• Prints can be stored in a few ways:
      • Photo albums:  Alas, the photo album is not dead.  While there isn’t as big of a selection in this digital world, the ones available are usually good, accommodate a number of image sizes, and include acid free pages.
      • Prints should be scanned!  It is recommended they be scanned to .tif files at 300dpi each.  Programs such as Photoshop and Lightroom can be used to fix imperfections and restore older photographs.  In addition, Lightroom has the ability to capture a lot of metadata, and you can include notes on the photographer, event, etc.  I like to label my prints with a small post-it designating the same filename as my scan, so I can cross-reference them.
      • You may receive older negatives or slides.  This is good!  They are likely in much better condition than prints.  You will need to find somebody in your Lodge with a film scanner, but there is a good chance you can find somebody.  Same scanning rules apply, generally .tif files at 300dpi each.
    • Collecting photographs requires careful record-keeping!  Image theft is a huge issue in the professional photography world, so much so that companies like ImageRights and Pixsy specialize in chasing down copyright infringement.  Always secure permission when collecting images, and always track the photographer.  The photographer should be credited when using the image, usually a small italicized note in the caption (Photo:  B. Taylor is usually sufficient).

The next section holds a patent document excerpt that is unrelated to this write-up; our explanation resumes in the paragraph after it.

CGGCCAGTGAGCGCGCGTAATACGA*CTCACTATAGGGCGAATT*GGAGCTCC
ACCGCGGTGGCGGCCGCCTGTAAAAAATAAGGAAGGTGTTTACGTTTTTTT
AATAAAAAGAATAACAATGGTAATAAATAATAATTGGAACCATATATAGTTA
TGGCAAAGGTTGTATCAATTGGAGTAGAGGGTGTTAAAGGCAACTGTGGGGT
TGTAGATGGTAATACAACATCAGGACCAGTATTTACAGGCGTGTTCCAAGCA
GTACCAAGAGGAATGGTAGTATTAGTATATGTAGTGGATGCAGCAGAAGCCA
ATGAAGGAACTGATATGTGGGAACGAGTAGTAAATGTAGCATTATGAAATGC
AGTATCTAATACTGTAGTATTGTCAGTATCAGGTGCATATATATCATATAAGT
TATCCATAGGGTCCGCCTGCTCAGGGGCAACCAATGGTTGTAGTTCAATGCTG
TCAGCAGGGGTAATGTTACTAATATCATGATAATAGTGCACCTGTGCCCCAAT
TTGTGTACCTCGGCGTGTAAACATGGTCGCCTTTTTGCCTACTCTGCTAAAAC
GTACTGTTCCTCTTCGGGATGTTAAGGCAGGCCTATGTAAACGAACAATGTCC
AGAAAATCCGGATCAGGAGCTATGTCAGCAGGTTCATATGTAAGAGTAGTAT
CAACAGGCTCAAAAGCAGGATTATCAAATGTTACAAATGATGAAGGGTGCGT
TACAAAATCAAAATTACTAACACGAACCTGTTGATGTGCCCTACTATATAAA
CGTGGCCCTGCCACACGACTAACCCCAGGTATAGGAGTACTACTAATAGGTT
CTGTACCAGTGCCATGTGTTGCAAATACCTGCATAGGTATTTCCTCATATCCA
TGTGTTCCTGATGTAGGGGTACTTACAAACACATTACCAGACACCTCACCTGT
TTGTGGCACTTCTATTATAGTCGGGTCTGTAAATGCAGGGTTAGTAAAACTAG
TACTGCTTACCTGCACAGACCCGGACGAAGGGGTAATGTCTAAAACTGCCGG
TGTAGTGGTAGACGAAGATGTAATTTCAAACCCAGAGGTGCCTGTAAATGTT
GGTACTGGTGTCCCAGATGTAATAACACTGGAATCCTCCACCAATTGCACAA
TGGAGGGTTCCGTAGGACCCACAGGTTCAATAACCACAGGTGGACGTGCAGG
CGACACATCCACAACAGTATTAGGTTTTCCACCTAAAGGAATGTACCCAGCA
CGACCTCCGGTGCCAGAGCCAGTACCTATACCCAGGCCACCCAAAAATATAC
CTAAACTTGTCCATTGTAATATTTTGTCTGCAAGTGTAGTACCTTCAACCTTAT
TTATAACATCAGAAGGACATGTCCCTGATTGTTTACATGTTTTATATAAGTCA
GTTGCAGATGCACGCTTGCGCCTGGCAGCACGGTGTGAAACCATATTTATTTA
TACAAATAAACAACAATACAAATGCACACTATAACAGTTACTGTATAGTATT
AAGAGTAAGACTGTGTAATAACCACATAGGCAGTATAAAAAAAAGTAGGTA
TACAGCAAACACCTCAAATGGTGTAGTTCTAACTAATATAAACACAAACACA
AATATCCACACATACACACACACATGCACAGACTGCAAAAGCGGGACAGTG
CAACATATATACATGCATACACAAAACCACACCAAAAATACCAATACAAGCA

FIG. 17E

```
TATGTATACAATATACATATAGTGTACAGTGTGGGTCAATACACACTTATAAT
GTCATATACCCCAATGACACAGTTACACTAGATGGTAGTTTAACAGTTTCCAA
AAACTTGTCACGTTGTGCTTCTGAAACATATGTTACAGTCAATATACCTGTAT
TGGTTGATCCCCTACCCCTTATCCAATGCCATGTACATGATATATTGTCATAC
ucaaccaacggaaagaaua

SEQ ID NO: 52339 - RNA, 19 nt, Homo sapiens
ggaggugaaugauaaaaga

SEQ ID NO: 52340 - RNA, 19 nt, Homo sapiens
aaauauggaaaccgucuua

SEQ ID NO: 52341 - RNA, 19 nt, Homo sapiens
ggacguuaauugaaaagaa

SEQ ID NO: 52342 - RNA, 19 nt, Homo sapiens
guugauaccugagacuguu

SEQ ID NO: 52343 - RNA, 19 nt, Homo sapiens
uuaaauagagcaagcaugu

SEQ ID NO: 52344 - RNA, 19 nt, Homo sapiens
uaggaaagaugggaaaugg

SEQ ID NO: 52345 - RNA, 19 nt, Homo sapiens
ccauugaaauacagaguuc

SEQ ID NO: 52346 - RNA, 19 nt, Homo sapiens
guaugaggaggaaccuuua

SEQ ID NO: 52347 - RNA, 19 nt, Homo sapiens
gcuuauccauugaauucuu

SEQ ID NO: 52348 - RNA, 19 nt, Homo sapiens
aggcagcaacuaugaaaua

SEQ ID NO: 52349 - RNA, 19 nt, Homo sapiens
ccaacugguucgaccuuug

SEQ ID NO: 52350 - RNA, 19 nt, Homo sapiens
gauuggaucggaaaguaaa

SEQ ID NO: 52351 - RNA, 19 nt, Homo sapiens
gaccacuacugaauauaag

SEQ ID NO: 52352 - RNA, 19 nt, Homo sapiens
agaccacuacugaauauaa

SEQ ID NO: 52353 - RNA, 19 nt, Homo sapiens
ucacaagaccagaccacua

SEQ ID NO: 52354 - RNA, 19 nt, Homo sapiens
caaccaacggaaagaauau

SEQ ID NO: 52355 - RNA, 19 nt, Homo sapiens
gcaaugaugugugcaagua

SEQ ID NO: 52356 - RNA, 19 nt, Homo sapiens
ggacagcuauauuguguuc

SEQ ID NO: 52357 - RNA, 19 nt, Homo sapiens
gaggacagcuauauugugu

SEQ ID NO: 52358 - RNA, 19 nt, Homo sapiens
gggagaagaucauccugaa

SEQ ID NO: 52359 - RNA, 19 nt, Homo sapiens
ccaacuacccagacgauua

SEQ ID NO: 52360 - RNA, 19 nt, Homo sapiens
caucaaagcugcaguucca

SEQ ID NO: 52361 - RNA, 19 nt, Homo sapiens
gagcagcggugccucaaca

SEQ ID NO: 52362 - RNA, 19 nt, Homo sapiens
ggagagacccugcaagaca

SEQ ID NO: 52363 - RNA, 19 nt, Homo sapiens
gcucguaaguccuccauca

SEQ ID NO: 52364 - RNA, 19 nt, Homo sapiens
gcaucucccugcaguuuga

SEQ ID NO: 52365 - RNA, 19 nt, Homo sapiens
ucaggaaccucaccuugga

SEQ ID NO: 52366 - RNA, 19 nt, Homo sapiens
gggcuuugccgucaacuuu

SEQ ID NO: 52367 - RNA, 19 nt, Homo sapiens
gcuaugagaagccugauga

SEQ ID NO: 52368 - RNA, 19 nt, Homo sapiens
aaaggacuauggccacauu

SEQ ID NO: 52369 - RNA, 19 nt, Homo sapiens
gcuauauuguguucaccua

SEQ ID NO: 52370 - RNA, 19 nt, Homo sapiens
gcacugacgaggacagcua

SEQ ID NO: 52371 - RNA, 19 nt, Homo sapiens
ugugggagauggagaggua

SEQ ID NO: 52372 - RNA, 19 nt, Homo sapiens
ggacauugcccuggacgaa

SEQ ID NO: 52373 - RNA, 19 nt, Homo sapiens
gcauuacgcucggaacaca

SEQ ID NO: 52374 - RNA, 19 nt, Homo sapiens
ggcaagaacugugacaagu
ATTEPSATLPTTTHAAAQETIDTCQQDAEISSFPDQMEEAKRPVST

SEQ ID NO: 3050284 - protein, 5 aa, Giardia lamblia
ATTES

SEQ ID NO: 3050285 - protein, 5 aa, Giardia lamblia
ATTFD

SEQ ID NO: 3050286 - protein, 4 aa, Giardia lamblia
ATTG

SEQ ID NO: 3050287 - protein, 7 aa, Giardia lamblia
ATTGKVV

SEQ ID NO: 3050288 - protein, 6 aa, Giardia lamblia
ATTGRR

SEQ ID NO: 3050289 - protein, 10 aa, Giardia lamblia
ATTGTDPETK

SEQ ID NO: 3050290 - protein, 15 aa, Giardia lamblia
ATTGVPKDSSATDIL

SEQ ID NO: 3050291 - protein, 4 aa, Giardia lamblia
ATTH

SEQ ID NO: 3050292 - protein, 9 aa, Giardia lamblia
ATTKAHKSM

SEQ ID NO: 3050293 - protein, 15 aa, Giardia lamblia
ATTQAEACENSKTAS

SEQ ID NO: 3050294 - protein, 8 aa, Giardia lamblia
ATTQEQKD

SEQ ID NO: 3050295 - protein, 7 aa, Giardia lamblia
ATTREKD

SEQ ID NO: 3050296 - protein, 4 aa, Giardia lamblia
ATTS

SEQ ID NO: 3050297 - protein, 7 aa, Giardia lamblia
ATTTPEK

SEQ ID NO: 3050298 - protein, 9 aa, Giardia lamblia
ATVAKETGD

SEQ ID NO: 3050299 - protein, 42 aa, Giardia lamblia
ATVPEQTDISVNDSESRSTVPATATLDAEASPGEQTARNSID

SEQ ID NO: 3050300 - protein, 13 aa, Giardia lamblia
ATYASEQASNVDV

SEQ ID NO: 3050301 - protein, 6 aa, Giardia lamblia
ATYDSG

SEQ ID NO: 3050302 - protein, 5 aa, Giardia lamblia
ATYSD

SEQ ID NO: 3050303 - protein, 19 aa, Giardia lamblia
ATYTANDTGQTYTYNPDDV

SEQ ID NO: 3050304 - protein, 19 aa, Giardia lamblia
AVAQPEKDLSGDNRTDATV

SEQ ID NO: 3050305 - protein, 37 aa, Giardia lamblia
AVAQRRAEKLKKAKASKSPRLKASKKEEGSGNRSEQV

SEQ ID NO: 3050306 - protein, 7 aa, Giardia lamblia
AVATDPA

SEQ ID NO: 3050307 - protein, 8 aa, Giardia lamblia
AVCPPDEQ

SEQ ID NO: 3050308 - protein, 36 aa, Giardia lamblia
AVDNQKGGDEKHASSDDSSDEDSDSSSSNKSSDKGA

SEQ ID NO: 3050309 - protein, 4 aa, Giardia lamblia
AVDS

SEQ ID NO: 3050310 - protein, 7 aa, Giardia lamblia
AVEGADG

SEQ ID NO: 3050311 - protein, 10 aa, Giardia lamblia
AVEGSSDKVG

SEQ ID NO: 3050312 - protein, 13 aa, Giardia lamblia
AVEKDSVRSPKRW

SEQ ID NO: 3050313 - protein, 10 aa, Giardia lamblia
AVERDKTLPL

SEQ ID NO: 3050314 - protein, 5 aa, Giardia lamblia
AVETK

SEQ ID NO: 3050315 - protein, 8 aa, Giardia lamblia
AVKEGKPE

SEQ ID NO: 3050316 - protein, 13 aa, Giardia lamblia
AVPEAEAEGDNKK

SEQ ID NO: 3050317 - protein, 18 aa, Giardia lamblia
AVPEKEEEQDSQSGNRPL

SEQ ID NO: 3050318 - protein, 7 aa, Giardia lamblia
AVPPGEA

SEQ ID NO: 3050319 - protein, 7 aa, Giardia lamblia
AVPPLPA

• In today’s digital age, we can easily gather thousands of photos. Would you suggest lodges gather all they can get to store or select a quantity for each event? For example: if a lodge gathered 500 photos from their fall fellowship from 10 members, should they keep them all or pull out the best 20 to save?
    • Digital sprawl can be real issue.  With flash storage on digital cameras making it trivial to store hundreds or even thousands of images on a single card, it can be easy to become overwhelmed with a mountain of photographs.